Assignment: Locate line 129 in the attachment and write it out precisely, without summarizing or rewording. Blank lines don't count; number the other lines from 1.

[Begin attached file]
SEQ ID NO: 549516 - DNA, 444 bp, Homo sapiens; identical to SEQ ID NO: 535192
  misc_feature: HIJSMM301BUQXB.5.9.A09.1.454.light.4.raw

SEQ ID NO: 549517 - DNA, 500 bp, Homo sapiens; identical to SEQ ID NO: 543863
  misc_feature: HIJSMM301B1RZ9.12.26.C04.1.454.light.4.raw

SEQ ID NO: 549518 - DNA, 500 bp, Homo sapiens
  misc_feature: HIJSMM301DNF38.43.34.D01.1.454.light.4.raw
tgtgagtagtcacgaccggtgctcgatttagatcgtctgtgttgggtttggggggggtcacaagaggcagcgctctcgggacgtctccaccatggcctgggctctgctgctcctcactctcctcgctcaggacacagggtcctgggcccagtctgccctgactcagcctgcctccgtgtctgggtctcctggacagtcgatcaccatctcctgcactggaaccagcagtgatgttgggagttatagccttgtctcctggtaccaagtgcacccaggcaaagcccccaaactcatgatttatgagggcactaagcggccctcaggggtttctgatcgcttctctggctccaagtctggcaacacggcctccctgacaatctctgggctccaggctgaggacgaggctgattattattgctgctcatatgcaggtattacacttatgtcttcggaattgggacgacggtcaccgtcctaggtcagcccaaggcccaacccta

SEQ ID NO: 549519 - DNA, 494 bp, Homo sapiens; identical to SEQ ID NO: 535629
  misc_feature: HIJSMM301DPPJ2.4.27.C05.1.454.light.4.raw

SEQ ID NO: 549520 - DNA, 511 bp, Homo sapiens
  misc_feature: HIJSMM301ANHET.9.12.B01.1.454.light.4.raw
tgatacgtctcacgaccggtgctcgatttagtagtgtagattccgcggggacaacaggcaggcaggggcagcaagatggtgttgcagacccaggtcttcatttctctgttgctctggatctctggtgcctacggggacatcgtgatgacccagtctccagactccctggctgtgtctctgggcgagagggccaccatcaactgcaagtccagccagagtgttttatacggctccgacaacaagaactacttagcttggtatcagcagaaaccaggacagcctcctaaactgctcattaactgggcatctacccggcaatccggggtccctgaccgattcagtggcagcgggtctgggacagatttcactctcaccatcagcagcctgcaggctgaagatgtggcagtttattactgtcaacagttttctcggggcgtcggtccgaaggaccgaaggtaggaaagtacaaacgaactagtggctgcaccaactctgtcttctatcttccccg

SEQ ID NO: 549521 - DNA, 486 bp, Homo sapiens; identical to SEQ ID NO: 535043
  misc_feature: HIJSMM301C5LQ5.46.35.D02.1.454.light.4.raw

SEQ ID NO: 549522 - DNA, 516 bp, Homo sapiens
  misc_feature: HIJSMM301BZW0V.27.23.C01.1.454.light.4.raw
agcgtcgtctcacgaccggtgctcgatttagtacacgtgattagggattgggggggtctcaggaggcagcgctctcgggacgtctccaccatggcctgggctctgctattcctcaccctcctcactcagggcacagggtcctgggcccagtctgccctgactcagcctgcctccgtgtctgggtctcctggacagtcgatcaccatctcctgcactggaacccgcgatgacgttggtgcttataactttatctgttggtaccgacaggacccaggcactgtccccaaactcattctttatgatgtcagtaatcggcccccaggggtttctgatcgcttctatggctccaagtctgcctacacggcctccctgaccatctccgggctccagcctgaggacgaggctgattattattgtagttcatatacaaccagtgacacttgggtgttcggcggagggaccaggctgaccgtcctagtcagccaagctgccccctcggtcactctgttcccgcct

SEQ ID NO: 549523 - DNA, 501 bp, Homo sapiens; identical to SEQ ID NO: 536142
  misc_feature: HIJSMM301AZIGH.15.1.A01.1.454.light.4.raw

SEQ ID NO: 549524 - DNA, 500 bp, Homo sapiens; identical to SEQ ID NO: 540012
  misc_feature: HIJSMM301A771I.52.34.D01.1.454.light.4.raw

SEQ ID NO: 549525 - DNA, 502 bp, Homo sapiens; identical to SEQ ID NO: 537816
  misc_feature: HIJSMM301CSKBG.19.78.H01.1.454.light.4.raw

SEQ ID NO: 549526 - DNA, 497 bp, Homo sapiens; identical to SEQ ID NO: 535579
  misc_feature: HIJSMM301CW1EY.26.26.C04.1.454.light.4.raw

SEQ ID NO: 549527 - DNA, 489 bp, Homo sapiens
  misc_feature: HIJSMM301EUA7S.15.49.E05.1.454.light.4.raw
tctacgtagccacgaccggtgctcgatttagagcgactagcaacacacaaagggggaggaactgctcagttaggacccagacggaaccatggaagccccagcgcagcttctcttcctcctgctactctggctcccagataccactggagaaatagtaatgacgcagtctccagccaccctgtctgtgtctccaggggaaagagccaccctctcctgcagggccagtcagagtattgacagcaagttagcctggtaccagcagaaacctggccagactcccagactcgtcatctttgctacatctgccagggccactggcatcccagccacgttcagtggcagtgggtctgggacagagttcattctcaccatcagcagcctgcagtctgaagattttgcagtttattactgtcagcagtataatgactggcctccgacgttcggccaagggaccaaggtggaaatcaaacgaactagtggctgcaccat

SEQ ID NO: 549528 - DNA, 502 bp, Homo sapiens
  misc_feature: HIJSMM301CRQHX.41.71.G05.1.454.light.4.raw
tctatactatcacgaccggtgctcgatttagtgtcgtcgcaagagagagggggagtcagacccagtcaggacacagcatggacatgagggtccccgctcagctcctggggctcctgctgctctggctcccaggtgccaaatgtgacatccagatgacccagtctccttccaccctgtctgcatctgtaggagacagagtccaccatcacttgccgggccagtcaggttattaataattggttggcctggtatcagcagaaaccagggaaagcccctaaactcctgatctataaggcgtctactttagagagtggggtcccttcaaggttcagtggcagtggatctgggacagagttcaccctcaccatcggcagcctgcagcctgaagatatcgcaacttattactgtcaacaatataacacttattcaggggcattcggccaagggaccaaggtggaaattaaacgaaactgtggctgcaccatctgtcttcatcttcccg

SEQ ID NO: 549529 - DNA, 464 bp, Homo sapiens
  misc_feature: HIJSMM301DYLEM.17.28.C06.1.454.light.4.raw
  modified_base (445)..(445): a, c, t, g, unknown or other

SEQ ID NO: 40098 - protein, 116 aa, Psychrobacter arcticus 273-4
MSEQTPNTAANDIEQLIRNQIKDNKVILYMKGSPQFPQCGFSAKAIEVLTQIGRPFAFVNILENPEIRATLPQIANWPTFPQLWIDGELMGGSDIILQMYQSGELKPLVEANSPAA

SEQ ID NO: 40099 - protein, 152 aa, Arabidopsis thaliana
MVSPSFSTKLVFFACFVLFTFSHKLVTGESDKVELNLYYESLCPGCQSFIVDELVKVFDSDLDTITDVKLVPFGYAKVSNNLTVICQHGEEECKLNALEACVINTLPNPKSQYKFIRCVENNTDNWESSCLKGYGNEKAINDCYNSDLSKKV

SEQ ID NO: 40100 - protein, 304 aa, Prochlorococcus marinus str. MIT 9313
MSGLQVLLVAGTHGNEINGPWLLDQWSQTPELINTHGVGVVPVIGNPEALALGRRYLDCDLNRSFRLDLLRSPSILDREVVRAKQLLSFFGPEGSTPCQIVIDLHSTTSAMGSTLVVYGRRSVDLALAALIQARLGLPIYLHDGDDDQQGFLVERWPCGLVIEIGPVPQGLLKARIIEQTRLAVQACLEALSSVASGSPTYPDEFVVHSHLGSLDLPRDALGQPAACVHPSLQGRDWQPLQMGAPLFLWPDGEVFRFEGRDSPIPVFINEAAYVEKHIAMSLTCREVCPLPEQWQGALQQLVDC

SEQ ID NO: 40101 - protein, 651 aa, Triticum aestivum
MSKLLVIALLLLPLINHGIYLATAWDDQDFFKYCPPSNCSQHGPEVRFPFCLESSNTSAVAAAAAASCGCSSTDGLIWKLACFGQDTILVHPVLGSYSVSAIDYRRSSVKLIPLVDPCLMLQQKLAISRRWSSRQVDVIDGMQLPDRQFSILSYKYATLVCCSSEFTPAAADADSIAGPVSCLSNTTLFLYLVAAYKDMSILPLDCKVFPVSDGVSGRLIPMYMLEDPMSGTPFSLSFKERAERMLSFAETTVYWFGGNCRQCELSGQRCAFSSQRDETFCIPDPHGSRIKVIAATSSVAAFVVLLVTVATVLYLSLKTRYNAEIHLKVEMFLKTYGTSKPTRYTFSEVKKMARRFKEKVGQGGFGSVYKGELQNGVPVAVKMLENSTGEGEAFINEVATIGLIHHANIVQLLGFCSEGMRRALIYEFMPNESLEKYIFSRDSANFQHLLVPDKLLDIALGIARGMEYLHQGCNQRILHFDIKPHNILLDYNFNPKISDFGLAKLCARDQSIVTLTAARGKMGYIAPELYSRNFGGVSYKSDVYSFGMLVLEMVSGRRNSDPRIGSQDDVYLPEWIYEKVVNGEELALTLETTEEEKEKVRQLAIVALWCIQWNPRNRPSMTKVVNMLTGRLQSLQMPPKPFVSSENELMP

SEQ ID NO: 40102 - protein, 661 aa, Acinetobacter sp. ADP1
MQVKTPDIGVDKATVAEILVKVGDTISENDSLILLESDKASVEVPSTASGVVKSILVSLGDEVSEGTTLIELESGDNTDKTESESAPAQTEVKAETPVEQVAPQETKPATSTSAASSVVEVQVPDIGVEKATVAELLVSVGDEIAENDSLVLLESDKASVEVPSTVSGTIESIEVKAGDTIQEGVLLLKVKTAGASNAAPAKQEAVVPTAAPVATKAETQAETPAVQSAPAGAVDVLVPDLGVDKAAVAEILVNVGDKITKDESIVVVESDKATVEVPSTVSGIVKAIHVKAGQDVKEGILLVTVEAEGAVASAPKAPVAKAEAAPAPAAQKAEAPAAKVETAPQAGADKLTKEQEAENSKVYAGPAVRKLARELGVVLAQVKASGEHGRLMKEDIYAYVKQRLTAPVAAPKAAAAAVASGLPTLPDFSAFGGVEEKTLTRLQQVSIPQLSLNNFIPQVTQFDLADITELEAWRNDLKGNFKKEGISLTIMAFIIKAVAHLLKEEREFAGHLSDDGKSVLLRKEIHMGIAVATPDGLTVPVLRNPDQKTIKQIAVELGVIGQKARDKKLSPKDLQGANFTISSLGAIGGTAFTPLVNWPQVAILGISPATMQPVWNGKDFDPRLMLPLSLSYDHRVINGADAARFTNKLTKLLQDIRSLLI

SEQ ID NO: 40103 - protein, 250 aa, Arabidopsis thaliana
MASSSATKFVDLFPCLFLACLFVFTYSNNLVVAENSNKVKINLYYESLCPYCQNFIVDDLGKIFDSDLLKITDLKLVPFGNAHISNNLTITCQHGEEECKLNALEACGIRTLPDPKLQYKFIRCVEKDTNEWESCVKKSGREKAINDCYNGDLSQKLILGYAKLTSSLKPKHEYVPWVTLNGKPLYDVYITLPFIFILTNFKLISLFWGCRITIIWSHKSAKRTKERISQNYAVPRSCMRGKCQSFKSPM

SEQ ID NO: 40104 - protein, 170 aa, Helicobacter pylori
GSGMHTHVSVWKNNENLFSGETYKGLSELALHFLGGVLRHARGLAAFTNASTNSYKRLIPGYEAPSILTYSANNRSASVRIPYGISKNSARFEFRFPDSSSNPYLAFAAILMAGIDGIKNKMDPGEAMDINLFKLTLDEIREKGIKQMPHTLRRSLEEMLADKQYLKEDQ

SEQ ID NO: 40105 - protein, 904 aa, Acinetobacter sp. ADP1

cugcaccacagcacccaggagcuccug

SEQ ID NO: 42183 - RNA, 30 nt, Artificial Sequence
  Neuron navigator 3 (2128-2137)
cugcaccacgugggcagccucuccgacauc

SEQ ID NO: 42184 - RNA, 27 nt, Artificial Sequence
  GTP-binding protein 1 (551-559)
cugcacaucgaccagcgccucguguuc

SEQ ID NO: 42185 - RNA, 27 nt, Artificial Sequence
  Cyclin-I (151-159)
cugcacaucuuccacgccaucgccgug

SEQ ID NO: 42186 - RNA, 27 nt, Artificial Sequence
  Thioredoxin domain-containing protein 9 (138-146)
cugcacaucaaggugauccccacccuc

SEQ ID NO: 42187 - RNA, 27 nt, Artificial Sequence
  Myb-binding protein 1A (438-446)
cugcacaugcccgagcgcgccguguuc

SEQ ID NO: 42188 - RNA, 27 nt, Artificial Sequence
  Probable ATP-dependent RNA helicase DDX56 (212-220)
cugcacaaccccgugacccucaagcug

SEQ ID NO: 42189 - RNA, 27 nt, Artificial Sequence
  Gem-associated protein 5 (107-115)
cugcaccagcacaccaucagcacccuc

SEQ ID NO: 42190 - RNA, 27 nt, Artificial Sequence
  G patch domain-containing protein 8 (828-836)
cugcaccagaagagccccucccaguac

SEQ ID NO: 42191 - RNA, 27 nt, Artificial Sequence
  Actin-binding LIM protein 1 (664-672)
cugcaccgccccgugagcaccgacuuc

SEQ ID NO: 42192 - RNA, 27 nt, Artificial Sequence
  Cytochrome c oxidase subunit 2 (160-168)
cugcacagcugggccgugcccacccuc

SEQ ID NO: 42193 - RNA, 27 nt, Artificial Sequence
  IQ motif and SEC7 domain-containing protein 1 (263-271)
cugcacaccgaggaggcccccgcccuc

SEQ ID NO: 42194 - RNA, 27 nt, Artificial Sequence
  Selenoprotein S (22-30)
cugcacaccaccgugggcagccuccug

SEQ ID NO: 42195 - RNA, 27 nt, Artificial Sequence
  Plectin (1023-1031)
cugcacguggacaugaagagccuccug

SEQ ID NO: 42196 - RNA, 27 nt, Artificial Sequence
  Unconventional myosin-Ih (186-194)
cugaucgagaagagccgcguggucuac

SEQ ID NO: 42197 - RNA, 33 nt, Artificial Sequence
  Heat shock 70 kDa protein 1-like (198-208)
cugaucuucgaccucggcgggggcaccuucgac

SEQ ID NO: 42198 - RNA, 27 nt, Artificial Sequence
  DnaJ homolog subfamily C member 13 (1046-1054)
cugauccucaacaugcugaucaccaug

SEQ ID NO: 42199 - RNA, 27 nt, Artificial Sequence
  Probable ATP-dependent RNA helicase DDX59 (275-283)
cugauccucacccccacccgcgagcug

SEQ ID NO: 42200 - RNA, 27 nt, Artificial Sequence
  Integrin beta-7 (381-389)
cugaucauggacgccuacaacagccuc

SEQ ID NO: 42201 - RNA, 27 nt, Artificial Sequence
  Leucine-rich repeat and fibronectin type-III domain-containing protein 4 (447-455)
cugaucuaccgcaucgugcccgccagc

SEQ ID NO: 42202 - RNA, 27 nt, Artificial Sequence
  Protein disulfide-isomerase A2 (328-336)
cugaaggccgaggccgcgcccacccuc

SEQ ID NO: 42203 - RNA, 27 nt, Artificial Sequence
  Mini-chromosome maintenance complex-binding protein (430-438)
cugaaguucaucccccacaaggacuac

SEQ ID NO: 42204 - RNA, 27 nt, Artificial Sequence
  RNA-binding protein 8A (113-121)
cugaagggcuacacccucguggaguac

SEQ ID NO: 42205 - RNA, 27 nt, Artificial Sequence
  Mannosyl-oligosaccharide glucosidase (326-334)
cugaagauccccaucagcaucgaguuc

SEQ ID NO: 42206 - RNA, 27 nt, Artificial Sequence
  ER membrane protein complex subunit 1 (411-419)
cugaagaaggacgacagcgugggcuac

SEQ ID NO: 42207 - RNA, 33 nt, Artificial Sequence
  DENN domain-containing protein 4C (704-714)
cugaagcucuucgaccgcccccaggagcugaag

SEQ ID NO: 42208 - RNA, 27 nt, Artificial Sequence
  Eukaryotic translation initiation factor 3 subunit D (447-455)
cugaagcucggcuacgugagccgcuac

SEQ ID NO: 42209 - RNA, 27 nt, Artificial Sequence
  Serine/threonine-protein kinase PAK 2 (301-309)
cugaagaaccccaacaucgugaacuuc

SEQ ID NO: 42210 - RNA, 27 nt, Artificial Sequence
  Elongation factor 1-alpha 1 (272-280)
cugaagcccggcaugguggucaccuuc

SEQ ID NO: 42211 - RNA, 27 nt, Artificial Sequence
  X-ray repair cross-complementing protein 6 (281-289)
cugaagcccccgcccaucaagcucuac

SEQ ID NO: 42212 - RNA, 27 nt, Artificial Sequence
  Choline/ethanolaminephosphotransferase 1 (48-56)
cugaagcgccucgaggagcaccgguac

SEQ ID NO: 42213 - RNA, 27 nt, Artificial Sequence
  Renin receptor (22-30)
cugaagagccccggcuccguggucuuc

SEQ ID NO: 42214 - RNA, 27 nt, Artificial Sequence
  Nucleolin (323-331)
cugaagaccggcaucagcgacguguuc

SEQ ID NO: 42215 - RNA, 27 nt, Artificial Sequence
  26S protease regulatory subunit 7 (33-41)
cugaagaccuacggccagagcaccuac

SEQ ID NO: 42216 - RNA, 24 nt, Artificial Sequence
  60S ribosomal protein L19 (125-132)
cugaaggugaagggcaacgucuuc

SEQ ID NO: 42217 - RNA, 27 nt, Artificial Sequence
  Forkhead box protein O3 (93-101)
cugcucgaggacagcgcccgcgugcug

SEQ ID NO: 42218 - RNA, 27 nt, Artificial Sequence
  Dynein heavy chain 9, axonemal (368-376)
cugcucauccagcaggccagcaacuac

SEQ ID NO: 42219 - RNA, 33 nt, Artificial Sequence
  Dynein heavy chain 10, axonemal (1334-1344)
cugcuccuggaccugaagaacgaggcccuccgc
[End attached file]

SEQ ID NO: 42209 - RNA, 27 nt, Artificial Sequence